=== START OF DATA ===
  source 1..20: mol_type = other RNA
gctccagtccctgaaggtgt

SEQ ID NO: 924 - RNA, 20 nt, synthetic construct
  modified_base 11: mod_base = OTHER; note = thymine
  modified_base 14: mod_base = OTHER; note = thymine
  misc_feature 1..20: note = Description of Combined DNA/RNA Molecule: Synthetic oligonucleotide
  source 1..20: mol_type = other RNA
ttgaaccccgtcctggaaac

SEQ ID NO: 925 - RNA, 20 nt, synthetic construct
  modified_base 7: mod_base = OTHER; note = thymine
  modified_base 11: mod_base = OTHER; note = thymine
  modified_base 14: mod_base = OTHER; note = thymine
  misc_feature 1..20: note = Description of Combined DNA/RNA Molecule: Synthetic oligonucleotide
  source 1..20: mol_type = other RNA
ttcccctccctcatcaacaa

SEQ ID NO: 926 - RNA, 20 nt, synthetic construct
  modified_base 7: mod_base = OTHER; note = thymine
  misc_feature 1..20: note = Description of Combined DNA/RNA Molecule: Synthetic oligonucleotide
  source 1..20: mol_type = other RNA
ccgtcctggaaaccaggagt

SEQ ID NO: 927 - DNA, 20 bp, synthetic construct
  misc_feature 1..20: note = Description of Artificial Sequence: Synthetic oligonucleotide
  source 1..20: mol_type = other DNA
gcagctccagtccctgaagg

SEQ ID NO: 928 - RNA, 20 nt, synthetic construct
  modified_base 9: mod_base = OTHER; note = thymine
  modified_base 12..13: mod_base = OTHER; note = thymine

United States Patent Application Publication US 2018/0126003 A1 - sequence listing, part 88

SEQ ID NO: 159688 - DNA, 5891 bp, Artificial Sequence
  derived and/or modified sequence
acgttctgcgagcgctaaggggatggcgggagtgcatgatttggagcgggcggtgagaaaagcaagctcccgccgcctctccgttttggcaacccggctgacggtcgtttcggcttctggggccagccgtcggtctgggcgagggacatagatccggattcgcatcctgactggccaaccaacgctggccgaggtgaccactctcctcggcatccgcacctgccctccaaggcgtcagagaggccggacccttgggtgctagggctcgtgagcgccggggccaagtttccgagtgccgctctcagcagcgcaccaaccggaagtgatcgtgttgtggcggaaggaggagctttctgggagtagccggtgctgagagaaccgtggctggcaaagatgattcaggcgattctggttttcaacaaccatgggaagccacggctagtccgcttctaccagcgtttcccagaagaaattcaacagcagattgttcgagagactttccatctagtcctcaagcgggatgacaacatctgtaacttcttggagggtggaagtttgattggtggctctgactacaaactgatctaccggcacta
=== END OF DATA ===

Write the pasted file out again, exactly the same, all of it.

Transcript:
  source 1..20: mol_type = other RNA
gctccagtccctgaaggtgt

SEQ ID NO: 924 - RNA, 20 nt, synthetic construct
  modified_base 11: mod_base = OTHER; note = thymine
  modified_base 14: mod_base = OTHER; note = thymine
  misc_feature 1..20: note = Description of Combined DNA/RNA Molecule: Synthetic oligonucleotide
  source 1..20: mol_type = other RNA
ttgaaccccgtcctggaaac

SEQ ID NO: 925 - RNA, 20 nt, synthetic construct
  modified_base 7: mod_base = OTHER; note = thymine
  modified_base 11: mod_base = OTHER; note = thymine
  modified_base 14: mod_base = OTHER; note = thymine
  misc_feature 1..20: note = Description of Combined DNA/RNA Molecule: Synthetic oligonucleotide
  source 1..20: mol_type = other RNA
ttcccctccctcatcaacaa

SEQ ID NO: 926 - RNA, 20 nt, synthetic construct
  modified_base 7: mod_base = OTHER; note = thymine
  misc_feature 1..20: note = Description of Combined DNA/RNA Molecule: Synthetic oligonucleotide
  source 1..20: mol_type = other RNA
ccgtcctggaaaccaggagt

SEQ ID NO: 927 - DNA, 20 bp, synthetic construct
  misc_feature 1..20: note = Description of Artificial Sequence: Synthetic oligonucleotide
  source 1..20: mol_type = other DNA
gcagctccagtccctgaagg

SEQ ID NO: 928 - RNA, 20 nt, synthetic construct
  modified_base 9: mod_base = OTHER; note = thymine
  modified_base 12..13: mod_base = OTHER; note = thymine

United States Patent Application Publication US 2018/0126003 A1 - sequence listing, part 88

SEQ ID NO: 159688 - DNA, 5891 bp, Artificial Sequence
  derived and/or modified sequence
acgttctgcgagcgctaaggggatggcgggagtgcatgatttggagcgggcggtgagaaaagcaagctcccgccgcctctccgttttggcaacccggctgacggtcgtttcggcttctggggccagccgtcggtctgggcgagggacatagatccggattcgcatcctgactggccaaccaacgctggccgaggtgaccactctcctcggcatccgcacctgccctccaaggcgtcagagaggccggacccttgggtgctagggctcgtgagcgccggggccaagtttccgagtgccgctctcagcagcgcaccaaccggaagtgatcgtgttgtggcggaaggaggagctttctgggagtagccggtgctgagagaaccgtggctggcaaagatgattcaggcgattctggttttcaacaaccatgggaagccacggctagtccgcttctaccagcgtttcccagaagaaattcaacagcagattgttcgagagactttccatctagtcctcaagcgggatgacaacatctgtaacttcttggagggtggaagtttgattggtggctctgactacaaactgatctaccggcacta